Age and gender can play important roles in addiction recovery and drug abuse prevention.
What may be an effective method of addiction treatment or prevention for middle-aged men, for example, might not work with teenage girls. Researchers explored the issue by developing RealTeen, a web-based service aimed at preventing drug abuse in middle school-aged girls.
RealTeen was developed at the School of Social Work at Columbia University to addresses gender-specific experiences like self-esteem, stress, mood, communication and body image. The program’s developers’ goal was to provide schools, health centers and communities with a low-cost, engaging and customizable intervention alternative while increasing reach and efficacy in areas where traditional methods may lack.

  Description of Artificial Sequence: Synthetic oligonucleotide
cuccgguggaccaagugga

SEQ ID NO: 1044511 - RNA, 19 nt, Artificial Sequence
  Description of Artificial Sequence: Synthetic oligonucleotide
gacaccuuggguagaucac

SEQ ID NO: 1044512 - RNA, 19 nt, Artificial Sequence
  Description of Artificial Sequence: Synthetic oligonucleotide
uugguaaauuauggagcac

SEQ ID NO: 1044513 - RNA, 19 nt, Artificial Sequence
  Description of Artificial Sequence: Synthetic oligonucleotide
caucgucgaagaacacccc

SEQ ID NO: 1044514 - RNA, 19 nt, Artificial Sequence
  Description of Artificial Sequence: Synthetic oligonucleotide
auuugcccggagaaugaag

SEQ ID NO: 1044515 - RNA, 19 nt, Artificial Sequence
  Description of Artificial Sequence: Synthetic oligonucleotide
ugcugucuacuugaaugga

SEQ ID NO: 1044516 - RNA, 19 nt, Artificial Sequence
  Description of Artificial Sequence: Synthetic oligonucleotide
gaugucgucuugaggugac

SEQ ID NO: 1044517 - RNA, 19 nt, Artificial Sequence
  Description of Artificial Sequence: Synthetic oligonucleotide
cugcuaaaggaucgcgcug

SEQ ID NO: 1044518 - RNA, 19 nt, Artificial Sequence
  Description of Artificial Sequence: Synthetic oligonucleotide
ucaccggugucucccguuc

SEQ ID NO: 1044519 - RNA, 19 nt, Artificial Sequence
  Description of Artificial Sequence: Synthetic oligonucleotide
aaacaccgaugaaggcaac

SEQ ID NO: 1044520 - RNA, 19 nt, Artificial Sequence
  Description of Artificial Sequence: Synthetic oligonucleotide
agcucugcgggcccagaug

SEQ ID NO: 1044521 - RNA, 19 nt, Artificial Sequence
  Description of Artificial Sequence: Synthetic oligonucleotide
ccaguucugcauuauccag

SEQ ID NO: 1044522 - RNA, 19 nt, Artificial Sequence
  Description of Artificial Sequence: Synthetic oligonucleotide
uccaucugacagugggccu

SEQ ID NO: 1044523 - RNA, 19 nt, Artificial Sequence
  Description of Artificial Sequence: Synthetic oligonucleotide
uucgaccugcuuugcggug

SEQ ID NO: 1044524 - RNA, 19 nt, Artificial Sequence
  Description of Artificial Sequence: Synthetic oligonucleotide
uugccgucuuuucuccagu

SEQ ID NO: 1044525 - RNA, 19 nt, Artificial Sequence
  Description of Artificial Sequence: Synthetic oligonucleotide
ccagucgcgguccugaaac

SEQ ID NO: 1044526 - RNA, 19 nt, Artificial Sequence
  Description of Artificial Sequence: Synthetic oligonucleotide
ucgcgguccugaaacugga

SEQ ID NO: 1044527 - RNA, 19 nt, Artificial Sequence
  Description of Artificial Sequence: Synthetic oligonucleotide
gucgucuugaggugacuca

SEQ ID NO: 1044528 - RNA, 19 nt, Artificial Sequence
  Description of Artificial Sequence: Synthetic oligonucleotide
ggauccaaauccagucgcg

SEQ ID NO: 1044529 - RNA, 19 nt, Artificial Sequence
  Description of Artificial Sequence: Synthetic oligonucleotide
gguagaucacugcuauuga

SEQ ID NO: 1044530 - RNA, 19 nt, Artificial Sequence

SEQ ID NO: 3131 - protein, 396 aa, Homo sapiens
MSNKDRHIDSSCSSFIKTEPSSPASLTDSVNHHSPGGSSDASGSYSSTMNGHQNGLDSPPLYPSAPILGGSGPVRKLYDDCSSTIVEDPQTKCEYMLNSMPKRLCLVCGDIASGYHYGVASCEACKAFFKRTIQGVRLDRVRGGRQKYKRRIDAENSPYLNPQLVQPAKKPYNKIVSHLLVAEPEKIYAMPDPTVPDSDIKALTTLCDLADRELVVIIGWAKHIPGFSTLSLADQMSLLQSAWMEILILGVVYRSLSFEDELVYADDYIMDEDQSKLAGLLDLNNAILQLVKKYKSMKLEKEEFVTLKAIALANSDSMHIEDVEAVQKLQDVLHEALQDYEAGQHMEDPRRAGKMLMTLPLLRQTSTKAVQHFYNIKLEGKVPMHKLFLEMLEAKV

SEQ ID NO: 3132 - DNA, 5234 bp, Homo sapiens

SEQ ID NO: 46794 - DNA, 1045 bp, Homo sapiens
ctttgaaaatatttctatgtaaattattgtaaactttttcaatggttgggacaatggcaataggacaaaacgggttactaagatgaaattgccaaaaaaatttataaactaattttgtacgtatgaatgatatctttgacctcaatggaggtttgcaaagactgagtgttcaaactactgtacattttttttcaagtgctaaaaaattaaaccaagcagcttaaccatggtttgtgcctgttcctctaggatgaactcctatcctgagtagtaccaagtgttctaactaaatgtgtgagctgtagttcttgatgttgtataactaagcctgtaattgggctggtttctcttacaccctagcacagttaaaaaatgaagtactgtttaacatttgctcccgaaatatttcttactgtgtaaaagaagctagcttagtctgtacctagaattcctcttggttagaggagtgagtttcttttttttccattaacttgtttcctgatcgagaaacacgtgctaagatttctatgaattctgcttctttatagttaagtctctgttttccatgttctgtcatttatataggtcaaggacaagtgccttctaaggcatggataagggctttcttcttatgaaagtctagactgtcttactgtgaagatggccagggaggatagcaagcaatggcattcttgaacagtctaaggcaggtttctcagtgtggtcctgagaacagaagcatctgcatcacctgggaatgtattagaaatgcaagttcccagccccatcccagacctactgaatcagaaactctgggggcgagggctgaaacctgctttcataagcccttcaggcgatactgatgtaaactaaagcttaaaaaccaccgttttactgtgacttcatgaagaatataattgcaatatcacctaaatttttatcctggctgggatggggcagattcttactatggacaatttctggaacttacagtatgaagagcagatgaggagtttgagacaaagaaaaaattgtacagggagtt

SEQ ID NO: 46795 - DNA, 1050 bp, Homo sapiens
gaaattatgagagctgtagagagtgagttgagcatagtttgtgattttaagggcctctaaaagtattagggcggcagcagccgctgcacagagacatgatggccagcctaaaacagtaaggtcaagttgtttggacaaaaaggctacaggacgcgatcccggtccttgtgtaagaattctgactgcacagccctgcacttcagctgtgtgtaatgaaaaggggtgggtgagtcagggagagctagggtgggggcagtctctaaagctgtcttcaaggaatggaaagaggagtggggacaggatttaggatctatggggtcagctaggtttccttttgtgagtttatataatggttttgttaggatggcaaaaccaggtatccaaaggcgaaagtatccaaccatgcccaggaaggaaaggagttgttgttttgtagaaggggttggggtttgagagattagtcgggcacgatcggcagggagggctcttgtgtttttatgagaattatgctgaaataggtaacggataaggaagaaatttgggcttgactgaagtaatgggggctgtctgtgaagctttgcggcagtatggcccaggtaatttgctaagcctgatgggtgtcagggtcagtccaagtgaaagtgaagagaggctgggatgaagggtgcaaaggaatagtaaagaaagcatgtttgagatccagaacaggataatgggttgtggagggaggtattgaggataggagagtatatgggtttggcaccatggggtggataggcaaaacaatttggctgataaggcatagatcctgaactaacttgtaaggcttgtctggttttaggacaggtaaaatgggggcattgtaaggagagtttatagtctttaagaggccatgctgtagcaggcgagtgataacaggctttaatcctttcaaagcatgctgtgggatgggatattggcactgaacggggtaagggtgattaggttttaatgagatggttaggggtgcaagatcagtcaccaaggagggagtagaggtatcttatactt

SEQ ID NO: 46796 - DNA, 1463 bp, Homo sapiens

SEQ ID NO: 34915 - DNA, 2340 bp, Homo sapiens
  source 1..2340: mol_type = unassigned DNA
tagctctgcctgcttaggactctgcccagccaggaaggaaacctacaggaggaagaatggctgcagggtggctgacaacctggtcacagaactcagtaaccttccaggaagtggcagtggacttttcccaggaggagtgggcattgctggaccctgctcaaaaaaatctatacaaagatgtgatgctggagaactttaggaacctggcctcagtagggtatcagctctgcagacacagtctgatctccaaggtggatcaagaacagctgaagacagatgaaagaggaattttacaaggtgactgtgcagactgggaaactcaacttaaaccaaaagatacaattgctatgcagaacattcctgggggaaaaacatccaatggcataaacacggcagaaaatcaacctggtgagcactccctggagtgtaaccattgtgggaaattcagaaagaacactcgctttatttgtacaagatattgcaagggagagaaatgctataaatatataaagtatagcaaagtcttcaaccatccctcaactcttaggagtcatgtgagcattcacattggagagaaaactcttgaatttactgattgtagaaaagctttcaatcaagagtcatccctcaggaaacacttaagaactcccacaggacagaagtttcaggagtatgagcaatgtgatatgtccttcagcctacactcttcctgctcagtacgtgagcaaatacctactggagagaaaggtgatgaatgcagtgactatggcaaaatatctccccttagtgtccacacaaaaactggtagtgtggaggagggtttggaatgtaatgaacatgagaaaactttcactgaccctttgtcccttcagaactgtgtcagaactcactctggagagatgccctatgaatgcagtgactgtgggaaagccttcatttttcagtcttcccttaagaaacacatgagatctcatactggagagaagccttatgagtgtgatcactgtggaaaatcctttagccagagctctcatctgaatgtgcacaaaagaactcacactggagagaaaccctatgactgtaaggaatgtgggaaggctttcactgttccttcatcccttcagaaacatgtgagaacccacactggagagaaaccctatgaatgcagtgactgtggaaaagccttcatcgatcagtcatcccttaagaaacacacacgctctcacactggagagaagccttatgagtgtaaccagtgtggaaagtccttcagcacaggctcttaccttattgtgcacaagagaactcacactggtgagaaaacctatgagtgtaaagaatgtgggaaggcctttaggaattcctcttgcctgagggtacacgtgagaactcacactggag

Drug use among adolescent girls has been on the rise; quickly matching — and in some cases surpassing — boys’ rates of drug use.
Peer influences and positive attitudes about drugs are the top pathways to substance abuse for both genders. However, for girls, having low self-esteem, depression and high-stress levels all contribute to an increased risk of developing a substance use disorder. Women, in general, have higher stress levels, are more susceptible to depression, and have a harder time quitting drugs than men, so prevention through web-based programs tailored to today’s young girls could… (continue reading)